The artist Simone Leigh has described her work as “auto-ethnographic,”1 and she has sought to unearth a plethora of pioneering Black women through her multidisciplinary practice. As a ceramist and artist who brings social sensibilities to her work, Leigh creates objects and worlds that remark on architecture, womanhood, and abstract figuration. In No Face (Crown Heights), a smooth, life-size black bust, an elongated neck accounts for the greater part of the object and supports a small round ball of a head. The comprehensible analogy to human anatomy ends there: a cluster of several dozen blue terracotta blooms appear on the plane where we might expect a face. The markers that allow us to determine finite descriptors of identity and personhood—face, nose, eyes, lips—are made indiscernible in this facial bouquet. What are we to make of their absence? Perhaps it is not a lack, but rather indicative of a figure turning inward to become whole. What freedoms could be gained if we went inside? This abstract face has become commonplace in Leigh’s sculpture; a smooth black surface where eyes should be, lips unambiguously full, or absent altogether.
The reference to Crown Heights—a neighborhood in Brooklyn that was once referred to as “Weeksville,” a haven for Black free people in the nineteenth century—gives the abstracted figure a geographic refuge and invokes an earlier social sculpture project by the artist, Free People’s Clinic, a programmatic activation at the Stuyvesant Mansion that celebrated the lineage of Black female medical pioneers from nineteenth century Weeksville, such as Dr. Susan McKinney Steward. In the past, Leigh has focused on the tradition of unidentified African women potters, in which authorship is defined by the whole, so that one artist cannot be distinguished from the others. Her abstracted figures reflect this collective authorship, as in No Face (Crown Heights), as well as in a group of other works by the artist, also titled “No Face.” With their facial opacity, like the vessels made by the anonymous African women, they tend to exist outside time, thus invoking a seriality of memory and memorial as it pertains to Black female embodiment across time and space. Furthermore, the blooms on No Face (Crown Heights) suggest that there is the opportunity to germinate once we choose interiority, once a face cannot be captured. If we consider the history of Black women, as Leigh often seeks to do, it is understood that such histories are fraught with violence, escapism, and a matrilineage that has been plagued by the inheritance of bondage. In this case, breaking fugitivity—seeking a particular interior freedom— sometimes requires a fugitive hiding in plain sight.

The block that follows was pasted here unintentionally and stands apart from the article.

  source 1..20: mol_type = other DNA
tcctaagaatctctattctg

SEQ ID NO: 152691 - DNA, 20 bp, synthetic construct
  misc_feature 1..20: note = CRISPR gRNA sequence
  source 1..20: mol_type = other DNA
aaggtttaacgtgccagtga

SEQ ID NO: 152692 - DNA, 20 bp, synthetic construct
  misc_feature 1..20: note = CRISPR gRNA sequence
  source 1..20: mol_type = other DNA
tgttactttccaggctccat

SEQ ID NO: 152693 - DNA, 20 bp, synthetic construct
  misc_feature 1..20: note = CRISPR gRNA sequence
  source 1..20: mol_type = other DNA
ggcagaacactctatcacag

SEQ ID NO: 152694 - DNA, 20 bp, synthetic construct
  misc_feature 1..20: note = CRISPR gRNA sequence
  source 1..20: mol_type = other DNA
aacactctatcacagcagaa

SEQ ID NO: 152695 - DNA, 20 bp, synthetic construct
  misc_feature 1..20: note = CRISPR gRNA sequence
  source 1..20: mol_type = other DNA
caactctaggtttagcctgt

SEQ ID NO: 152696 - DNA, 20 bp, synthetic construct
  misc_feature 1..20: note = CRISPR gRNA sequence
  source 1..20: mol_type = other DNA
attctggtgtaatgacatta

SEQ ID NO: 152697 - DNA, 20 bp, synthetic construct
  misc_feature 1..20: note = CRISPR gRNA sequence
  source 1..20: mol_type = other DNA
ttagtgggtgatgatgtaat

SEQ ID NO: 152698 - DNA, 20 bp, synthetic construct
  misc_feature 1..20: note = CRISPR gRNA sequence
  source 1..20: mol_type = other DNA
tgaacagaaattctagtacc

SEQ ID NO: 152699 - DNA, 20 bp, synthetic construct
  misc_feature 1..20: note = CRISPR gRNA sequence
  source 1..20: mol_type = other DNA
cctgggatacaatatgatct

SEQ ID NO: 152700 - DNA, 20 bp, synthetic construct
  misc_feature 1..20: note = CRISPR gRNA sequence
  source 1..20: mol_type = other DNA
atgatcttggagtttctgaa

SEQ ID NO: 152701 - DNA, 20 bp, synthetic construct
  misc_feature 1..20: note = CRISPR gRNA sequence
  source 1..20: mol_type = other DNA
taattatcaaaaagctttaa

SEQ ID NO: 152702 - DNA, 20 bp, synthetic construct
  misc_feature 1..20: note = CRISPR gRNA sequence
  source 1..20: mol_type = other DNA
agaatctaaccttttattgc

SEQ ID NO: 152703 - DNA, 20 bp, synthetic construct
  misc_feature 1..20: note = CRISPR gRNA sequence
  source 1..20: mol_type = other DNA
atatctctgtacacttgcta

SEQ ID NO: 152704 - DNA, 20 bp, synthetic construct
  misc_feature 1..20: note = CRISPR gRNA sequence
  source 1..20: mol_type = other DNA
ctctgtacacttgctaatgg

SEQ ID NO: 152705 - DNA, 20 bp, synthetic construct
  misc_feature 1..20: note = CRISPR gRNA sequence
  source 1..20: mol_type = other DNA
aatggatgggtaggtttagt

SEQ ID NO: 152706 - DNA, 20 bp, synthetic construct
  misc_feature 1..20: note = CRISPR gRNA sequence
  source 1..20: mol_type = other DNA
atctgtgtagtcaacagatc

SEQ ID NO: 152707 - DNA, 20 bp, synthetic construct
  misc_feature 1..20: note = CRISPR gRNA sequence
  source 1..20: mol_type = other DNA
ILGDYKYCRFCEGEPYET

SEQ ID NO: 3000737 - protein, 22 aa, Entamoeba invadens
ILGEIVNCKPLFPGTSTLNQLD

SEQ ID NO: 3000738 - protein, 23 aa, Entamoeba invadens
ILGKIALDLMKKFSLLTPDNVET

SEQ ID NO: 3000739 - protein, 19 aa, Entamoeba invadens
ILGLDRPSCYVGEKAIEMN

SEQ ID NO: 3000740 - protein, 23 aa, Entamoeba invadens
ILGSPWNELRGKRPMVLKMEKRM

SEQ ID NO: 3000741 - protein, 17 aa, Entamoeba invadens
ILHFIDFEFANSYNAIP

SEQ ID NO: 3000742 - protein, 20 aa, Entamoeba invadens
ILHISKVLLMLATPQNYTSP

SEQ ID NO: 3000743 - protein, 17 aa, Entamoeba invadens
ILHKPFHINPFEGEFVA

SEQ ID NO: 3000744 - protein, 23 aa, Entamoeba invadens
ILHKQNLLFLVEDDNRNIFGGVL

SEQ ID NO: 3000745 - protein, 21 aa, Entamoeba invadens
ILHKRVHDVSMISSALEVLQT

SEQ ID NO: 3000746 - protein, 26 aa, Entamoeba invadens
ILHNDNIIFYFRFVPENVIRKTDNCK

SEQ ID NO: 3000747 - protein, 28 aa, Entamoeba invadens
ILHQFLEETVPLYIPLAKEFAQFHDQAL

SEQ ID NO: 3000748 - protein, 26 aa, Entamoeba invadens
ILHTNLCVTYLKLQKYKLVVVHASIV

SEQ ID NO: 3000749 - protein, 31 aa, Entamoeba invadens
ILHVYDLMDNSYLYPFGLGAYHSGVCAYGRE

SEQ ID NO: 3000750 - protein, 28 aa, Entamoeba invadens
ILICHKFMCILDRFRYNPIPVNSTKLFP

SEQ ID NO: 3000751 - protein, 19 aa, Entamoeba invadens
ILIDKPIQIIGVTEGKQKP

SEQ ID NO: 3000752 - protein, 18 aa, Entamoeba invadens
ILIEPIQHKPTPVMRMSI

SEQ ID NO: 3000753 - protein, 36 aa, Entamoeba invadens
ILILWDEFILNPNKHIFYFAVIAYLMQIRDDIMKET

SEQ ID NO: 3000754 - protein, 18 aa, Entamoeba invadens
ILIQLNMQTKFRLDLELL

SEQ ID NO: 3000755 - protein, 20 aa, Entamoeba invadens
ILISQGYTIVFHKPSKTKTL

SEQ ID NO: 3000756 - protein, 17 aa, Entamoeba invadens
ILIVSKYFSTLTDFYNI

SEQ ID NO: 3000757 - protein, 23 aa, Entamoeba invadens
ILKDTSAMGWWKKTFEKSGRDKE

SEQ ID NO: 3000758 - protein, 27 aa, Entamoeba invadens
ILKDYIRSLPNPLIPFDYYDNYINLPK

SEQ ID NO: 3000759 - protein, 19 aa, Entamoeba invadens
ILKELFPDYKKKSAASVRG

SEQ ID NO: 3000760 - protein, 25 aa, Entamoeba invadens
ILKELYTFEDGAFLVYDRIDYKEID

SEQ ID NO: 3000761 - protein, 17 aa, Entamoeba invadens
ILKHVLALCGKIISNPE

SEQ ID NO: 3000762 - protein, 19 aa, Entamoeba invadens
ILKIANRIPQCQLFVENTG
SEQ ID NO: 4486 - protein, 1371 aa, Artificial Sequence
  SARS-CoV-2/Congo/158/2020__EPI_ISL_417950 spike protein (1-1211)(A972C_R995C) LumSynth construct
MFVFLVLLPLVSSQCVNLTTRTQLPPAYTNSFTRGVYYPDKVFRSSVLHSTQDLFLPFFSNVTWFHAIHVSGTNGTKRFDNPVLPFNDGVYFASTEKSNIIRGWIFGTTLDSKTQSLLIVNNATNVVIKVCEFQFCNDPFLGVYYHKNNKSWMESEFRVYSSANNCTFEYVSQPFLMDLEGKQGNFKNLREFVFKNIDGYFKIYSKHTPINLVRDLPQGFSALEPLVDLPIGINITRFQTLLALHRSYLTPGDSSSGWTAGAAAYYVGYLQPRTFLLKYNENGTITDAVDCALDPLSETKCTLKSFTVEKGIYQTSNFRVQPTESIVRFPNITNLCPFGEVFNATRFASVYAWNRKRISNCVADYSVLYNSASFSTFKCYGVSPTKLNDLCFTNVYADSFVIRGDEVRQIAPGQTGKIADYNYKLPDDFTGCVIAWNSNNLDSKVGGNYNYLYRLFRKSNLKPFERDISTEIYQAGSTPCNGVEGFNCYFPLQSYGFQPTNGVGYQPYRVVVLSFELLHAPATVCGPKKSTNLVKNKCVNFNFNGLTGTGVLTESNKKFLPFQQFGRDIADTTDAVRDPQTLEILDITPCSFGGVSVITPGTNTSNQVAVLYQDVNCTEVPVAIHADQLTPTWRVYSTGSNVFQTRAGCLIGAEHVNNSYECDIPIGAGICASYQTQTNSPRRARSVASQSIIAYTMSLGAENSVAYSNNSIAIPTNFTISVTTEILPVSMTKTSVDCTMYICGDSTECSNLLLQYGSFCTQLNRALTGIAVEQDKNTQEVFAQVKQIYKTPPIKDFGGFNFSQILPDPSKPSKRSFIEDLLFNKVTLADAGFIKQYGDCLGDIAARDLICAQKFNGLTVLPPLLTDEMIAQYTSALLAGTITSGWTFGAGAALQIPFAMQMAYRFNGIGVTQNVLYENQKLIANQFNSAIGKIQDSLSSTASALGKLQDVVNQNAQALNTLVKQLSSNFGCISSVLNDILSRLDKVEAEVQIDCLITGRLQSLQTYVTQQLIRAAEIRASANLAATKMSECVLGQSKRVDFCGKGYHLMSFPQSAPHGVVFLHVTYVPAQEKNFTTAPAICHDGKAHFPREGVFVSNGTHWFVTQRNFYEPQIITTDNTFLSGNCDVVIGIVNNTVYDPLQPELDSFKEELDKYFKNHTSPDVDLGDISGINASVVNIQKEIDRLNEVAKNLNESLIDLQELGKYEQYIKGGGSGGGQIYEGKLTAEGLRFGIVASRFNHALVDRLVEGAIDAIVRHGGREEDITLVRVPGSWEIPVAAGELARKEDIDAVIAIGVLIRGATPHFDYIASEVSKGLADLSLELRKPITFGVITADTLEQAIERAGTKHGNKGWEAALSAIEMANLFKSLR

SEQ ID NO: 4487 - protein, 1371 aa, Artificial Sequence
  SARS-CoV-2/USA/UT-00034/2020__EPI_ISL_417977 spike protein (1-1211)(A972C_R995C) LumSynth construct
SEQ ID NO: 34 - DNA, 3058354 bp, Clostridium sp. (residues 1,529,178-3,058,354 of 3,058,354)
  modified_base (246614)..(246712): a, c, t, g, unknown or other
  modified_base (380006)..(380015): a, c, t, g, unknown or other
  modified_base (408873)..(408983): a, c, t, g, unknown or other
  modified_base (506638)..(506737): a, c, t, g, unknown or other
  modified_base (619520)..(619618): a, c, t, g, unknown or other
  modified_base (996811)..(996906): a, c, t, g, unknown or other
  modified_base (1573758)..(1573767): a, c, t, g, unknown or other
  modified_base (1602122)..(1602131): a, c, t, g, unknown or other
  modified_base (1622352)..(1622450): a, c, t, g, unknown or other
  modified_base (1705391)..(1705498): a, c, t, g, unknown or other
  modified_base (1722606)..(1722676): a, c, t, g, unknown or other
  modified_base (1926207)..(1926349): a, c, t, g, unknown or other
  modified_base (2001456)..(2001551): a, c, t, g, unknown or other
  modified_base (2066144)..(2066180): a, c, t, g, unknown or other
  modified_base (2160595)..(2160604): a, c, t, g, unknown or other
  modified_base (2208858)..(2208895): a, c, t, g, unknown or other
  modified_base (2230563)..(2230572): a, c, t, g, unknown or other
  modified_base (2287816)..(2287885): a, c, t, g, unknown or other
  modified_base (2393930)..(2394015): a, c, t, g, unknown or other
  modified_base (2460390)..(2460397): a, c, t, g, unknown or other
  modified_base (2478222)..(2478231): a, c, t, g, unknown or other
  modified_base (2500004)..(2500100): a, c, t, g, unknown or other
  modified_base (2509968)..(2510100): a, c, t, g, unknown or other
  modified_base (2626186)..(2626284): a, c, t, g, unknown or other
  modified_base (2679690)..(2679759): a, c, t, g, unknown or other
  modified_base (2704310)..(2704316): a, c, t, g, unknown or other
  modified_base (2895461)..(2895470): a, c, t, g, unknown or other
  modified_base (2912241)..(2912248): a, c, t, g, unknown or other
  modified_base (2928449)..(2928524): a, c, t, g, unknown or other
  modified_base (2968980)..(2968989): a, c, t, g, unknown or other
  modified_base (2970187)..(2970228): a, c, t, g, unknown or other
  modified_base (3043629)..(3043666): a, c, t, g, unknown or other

1. “Sculptor Simone Leigh finally gets her due.” CBS This Morning, https://www.cbs.com/shows/cbs_this_ morning/video/LB9sKvAsLnOZzYEMpPin1wEVrbqW nzK0/artist-simone-leigh-finally-in-the-spotlightreflects- on-her-naysayers/. Aired April 27, 2019..
Text by Taylor Renee Aldridge, adapted from Seeing Differently: The Phillips Collects for a New Century (The Phillips Collection in association with Giles, 2021)